Since the State Supreme Court issued its ruling on public charter schools last Friday evening, we have all been working hard to understand the details of the decision and its implications on the 1,200 children already attending charter schools.
We wanted to share this brief Q&A to provide some answers to the common questions we’ve received from families in the last few days.
Q: Why did the Court rule that Washington’s public charter schools are unconstitutional?
A: The Court ruled Washington’s public charter school law unconstitutional because of a century-old precedent that said public charter schools cannot receive public funding because they are not “common schools” that elect school board members.
However, the public charter school law was passed by Washington voters in 2012, and the law is one of the strongest in the nation. Public charter schools meet the same high standards and stronger accountability measures as other public schools, in exchange for the flexibility to tailor instruction to meet the needs of every individual student.
Using the Court’s interpretation, programs like Running Start and Tribal Compact Schools cannot receive public funds because they do not have elected school boards.
To be clear: the Court did not make the ruling based on the merit, quality, or performance of public charter schools.
Q: Have schools been officially notified about closing?
A: No. The ruling does not become effective for 20 days. The schools, the Washington State Charter Schools Association (WA Charters), and many others are doing everything possible to keep all nine public charter schools open. Each school’s priority—first and foremost—is to keep educating their 1,200 students and minimize any disruption to the students and their families.
Q: If the state does not provide funding, how will the school stay open?
A: WA Charters and our many partners are exploring every short- and long-term option to keep public charter schools open and protect every parent’s ability to choose a high-quality public charter school. It is still early, but we are confident we can secure any funding schools may need until a long-term solution, such as a new charter school law, can be put in place.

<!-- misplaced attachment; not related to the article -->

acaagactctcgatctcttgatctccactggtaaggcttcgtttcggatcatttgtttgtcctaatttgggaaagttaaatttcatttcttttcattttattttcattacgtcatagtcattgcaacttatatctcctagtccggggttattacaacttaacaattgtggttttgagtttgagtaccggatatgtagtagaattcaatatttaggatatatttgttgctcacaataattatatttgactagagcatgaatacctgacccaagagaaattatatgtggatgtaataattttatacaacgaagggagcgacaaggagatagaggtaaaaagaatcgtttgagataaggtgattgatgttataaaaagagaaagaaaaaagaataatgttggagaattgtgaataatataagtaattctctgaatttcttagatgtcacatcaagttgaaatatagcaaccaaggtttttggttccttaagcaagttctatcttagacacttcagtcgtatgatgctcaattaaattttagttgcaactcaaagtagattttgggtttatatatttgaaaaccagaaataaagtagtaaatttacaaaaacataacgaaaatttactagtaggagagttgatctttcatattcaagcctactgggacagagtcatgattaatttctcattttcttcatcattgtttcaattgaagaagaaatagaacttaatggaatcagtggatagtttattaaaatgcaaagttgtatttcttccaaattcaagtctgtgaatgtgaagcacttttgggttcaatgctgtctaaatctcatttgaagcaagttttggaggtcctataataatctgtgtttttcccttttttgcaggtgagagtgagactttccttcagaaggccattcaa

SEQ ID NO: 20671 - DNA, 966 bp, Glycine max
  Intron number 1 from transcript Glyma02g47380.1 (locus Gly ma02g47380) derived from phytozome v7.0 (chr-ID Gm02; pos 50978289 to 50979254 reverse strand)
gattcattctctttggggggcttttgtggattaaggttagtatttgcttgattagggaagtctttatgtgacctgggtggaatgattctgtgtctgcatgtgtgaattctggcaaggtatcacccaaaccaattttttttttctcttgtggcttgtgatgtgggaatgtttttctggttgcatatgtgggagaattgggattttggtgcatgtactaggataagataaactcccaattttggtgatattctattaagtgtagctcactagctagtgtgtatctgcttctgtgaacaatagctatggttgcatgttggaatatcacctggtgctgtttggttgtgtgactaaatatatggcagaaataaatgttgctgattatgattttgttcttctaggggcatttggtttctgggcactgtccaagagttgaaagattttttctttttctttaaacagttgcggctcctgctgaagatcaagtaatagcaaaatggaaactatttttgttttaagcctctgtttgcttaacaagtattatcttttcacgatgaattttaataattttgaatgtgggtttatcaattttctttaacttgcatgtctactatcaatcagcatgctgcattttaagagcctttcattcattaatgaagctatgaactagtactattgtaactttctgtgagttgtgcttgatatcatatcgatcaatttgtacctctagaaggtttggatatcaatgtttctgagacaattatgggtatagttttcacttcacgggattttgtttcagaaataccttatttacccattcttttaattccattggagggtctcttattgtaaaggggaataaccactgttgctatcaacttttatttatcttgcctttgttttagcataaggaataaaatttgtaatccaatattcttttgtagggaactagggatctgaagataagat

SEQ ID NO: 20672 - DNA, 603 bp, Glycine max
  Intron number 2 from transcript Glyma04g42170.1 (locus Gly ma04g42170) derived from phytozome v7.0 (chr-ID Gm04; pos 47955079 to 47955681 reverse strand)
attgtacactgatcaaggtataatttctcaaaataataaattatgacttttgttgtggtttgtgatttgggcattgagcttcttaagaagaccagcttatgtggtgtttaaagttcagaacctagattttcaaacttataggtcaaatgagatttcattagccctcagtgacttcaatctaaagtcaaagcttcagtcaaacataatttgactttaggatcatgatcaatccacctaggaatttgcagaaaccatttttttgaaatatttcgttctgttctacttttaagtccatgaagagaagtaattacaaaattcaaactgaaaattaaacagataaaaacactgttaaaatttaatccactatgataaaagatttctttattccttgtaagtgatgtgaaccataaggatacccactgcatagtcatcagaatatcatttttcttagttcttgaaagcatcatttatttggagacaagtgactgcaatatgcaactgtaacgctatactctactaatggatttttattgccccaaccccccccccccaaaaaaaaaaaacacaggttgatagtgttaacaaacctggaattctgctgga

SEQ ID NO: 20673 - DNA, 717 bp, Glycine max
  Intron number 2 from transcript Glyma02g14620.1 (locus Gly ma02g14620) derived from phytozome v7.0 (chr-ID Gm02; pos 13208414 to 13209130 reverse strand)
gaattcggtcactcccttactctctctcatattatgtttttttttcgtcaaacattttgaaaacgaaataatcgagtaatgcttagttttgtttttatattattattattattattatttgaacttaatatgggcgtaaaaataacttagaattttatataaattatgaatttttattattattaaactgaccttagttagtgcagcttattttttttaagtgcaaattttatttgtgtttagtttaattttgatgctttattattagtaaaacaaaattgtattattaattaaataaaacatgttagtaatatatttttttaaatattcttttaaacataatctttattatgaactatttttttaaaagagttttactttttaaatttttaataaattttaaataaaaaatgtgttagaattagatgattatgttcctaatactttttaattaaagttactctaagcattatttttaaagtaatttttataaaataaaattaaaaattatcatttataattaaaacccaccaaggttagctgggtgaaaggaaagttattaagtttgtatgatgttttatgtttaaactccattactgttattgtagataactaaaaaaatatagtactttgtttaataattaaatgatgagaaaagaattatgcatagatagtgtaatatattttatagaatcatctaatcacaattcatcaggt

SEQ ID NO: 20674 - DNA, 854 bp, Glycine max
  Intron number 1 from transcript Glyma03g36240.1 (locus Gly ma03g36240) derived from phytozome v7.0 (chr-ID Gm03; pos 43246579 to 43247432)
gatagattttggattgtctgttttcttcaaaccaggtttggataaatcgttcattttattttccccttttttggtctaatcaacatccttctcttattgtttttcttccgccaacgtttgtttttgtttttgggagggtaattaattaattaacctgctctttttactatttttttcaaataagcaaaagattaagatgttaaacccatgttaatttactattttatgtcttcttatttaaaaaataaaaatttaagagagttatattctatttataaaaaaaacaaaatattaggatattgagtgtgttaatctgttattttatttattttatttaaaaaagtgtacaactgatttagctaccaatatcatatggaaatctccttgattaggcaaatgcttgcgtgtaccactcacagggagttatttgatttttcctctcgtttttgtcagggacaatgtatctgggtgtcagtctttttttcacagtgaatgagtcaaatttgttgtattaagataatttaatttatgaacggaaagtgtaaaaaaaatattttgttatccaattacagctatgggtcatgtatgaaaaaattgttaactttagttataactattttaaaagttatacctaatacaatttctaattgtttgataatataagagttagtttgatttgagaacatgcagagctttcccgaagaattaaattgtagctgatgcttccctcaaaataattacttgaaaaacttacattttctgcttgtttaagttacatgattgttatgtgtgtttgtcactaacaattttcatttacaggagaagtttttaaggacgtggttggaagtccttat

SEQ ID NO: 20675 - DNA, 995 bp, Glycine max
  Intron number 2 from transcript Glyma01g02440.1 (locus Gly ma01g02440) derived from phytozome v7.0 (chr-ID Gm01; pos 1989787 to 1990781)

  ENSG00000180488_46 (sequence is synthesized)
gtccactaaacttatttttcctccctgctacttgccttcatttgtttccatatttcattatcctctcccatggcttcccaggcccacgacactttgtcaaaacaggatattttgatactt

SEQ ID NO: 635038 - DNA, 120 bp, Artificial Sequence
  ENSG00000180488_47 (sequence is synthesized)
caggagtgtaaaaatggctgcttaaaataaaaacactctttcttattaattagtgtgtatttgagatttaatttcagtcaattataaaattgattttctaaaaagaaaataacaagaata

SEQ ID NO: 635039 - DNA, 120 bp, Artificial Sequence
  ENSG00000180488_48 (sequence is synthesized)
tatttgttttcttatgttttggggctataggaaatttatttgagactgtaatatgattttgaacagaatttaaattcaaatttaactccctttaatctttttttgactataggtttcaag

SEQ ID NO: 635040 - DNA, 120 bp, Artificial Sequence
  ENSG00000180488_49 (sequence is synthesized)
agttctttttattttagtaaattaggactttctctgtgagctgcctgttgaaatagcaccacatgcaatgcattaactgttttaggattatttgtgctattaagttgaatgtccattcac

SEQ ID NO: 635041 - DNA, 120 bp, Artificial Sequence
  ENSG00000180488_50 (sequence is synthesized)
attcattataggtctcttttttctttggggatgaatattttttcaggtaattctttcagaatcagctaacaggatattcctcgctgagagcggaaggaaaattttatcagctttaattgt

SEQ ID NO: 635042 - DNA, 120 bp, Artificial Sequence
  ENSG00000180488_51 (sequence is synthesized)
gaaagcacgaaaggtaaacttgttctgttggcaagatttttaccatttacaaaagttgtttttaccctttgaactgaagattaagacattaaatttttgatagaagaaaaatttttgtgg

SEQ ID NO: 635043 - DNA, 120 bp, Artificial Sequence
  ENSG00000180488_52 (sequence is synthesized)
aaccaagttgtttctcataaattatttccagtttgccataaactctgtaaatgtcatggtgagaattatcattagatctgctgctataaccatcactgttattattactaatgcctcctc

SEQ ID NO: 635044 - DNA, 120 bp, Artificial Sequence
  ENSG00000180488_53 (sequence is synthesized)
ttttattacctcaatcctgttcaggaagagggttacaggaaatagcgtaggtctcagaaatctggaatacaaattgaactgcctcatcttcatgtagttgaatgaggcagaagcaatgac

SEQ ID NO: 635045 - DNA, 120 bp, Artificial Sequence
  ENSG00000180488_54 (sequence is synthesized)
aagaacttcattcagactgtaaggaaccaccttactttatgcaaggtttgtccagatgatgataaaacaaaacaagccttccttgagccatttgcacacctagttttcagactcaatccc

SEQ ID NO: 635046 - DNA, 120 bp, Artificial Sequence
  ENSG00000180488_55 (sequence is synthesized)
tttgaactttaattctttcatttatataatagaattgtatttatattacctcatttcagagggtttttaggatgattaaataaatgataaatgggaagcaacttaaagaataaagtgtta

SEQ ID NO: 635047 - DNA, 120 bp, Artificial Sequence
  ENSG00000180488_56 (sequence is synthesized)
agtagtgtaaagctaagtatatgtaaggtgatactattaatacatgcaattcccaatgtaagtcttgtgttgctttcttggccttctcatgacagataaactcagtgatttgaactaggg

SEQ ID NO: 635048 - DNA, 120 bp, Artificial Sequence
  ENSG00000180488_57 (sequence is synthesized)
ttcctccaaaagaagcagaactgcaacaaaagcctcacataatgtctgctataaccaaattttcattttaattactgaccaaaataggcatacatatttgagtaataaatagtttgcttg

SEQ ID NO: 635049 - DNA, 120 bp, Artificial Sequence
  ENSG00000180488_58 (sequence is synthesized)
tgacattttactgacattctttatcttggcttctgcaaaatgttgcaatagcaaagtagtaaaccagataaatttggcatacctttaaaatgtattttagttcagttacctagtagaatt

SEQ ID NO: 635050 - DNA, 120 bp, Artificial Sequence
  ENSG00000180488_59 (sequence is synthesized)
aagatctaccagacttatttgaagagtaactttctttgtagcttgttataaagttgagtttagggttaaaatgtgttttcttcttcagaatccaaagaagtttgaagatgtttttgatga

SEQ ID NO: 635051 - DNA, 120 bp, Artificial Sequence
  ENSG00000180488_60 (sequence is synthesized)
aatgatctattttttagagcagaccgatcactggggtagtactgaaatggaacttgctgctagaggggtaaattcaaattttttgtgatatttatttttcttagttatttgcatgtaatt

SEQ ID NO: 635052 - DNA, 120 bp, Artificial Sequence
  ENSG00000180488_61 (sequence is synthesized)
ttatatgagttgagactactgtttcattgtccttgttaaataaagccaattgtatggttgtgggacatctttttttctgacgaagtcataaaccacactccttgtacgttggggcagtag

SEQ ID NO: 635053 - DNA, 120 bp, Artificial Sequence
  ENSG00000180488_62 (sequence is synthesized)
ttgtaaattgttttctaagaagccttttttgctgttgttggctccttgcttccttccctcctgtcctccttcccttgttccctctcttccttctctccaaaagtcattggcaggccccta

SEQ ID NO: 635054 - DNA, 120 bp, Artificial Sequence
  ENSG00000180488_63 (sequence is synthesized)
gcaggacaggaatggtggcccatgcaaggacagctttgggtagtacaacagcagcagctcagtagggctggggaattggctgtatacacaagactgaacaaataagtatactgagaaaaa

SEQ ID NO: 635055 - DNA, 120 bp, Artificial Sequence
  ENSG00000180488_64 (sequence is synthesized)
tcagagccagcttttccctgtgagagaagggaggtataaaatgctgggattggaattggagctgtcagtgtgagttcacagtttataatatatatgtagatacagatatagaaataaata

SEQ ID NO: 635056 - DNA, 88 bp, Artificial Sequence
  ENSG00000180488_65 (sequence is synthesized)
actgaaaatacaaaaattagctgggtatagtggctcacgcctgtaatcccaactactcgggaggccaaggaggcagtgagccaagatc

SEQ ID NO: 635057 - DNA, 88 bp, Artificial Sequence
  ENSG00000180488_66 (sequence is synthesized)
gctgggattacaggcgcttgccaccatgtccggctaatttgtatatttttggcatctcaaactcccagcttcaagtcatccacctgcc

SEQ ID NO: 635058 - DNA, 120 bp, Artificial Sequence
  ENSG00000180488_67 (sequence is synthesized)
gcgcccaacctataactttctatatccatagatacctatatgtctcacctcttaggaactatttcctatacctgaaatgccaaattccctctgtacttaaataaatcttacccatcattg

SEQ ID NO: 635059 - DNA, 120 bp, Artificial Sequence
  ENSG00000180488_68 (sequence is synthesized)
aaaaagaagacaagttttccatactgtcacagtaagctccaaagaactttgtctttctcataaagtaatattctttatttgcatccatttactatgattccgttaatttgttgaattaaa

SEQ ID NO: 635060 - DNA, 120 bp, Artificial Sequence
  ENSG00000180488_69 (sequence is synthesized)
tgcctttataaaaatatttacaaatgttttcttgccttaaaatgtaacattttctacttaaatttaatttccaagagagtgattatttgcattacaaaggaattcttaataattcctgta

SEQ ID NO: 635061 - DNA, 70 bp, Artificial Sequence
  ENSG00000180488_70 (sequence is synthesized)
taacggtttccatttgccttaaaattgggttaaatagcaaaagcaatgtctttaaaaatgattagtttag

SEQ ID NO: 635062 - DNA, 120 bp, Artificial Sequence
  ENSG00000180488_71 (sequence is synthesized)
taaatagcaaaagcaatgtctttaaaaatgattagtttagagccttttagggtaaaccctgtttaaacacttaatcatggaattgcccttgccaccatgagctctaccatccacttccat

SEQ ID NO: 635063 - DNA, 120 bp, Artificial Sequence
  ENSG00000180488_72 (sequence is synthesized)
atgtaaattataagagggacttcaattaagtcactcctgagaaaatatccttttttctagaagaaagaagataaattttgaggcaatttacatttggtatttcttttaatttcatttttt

We are pursuing every legal and legislative option, including asking Governor Inslee and legislators to hold a special session to address this. Click here to add your voice!
Q: Did you know this could happen? Why are we just learning about this ruling?
A: WA Charters and other advocates defended the law in Court arguments nearly one year ago, and knew that any decision was possible. Based on insights and rulings previous to referral to the state Supreme Court, legal experts believed a decision like this was unlikely and should a ruling come out against the public charter school law, it would have been narrower—and wouldn’t have affected the entire law.
In fact, a previous ruling from the King County Superior Court indicated that the “common schools” funding provision could be separated from the other elements of the law, which would be otherwise left intact.
Washington’s voter-approved charter school law was crafted to be one of the strongest in the nation. It is not clear why the Court made this decision after 9 public charter schools were already open.
Q: What is being done to address this ruling?
A: WA Charters, the schools and many others are identifying both short- and long-term solutions to keep schools open and to protect a parent’s ability to choose a high-quality public charter school.
In the short term, one possibility is filing a motion for reconsideration with the State Supreme Court. In addition, we are calling on Governor Inslee and state legislators to address the decision immediately. We are exploring several other options to keep every public charter school opening and educating its students.
Q: What can parents do to support your child’s school?
A: As a parent, you can share your family’s story and the reasons why you chose to enroll your child in a public charter school. If you want to join the #SaveWACharterSchools effort, consider urging Governor Inslee and your state legislator to take immediate action, sharing your story on social media, submitting a letter to the editor, and asking your child’s school how you can help.